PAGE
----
Monday, January 31, 2011

Chinese New Year Crafts For Kids

Using crafts is always a fun way to engage kids in learning about Chinese New Year. While their hands are busy creating brightly-colored paper confections, you can tell them about the story of Nian, the Kitchen God, or why dumplings and noodles are a favorite food served at Chinese New Year dinners.

There are many great crafts for Chinese New Year, and ChinaSprout is pleased to carry a number of really great craft books for the holiday.

Paper Crafts for Chinese New Year - Written by puppeteer and storyteller, Randel McGee, this children's craft book mixes information about the history and traditions of the holiday with eight related crafts. Enlargeable patterns make individualizing the projects easy. Chinese New Year craft projects include dragon puppets, red envelopes, shadow puppets, Chinese lanterns, firecrackers, and more. This book is perfect for children 6 and up, but can be used for younger children if they have adult support with cutting.

Chinese New Year for Kids - This workbook for both parents and teachers can be used at home or in the classroom. Published by ChinaSprout, the 30-page, full color book is practically a child's handbook for the holiday. Explanations of Chinese New Year, the Chinese New Year calendar, the importance of ancestors in China, as well as ways the Chinese celebrate the holiday are accompanied by hands-on crafts, games and activities. Children will learn to make dragon puppets, red envelopes and paper lanterns. They will also participate in a lion dance and dragon parade.  Pair this with ChinaSprout's Chinese New Year Packets, and you have everything you need to share the holiday with a classroom or create a Chinese New Year party.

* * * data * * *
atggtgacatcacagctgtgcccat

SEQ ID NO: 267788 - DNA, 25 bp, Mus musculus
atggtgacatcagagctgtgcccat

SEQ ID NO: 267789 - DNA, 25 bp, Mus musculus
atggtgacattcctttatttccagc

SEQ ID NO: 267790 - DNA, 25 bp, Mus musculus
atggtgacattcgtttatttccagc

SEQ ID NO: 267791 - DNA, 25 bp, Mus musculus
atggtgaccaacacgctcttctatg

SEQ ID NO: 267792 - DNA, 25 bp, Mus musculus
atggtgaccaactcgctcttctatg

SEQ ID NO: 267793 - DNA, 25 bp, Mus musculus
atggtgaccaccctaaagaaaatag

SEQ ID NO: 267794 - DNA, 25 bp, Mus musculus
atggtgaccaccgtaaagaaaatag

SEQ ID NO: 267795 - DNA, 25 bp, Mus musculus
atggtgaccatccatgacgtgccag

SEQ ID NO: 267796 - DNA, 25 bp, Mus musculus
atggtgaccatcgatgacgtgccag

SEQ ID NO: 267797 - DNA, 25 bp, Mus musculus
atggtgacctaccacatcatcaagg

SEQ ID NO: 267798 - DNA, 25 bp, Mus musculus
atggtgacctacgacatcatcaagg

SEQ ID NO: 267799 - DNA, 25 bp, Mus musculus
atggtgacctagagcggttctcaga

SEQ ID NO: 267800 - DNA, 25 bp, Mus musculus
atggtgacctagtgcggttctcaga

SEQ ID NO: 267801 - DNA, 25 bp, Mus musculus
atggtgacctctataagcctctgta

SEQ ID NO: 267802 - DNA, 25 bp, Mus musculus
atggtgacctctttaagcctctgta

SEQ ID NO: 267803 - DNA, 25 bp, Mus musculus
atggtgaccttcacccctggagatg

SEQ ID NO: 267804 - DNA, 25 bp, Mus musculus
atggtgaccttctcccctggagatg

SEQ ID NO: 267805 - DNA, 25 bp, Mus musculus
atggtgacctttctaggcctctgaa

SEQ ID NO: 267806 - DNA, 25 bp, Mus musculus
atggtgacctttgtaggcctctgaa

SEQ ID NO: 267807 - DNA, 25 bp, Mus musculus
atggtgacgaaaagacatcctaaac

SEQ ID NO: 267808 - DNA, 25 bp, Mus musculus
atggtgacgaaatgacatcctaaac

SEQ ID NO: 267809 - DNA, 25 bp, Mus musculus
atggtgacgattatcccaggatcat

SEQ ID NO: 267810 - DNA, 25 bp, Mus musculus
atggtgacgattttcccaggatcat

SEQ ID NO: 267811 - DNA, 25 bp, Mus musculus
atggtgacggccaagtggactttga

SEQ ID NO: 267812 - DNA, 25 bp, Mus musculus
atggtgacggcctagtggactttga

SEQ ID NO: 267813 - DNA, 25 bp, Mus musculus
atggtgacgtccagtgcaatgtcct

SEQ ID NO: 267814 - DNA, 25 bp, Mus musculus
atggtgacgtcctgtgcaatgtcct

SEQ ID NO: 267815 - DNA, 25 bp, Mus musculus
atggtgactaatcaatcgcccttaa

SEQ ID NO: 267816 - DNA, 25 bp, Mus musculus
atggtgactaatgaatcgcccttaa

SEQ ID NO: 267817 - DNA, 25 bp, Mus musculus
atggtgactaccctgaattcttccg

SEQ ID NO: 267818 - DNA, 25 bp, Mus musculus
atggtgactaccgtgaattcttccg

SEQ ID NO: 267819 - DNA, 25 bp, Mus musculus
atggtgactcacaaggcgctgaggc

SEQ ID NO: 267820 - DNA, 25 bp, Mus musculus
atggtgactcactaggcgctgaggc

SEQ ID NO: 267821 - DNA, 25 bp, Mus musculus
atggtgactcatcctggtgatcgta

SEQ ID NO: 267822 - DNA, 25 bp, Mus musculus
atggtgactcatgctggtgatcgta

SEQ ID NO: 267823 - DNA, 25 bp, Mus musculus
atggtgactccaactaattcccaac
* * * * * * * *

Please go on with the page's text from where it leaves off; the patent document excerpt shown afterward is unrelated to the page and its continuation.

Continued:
Chinese New Year Crafts - The combination of detailed instructions on the left pages with step-by-step photographs on the right create an easy-to-follow format.  This 32-page book features 10 crafts including a dragon streamer puppet, a ribbon lantern, Chinese zodiac pictures, and more. The introduction includes some brief information about the holiday.  Chinese New Year Crafts is a geared toward kindergarten through fifth grade students, though it will be more appealing to younger children.


Friday, January 28, 2011

Favorite Chinese New Year Books for Kids

The Chinese New Year is quickly approaching on February 3. This year, we say goodbye to the Year of the Tiger, and welcome the Year of the Rabbit. Chinese New Year is the perfect time to introduce children to Chinese culture. Although a good percentage of the world celebrates the holiday, it is a uniquely exciting celebration to many kids.

Whether you are sharing the holiday with a classroom or at home, there are many great ways to present Chinese New Year for kids. Even if you don't know a lot about the holiday, there are many resources available that you can use either to learn about Chinese New Year or as a teaching resource. Books are a great tool because they can be read together or independently. Following are some of ChinaSprout's best-selling Chinese New Year books: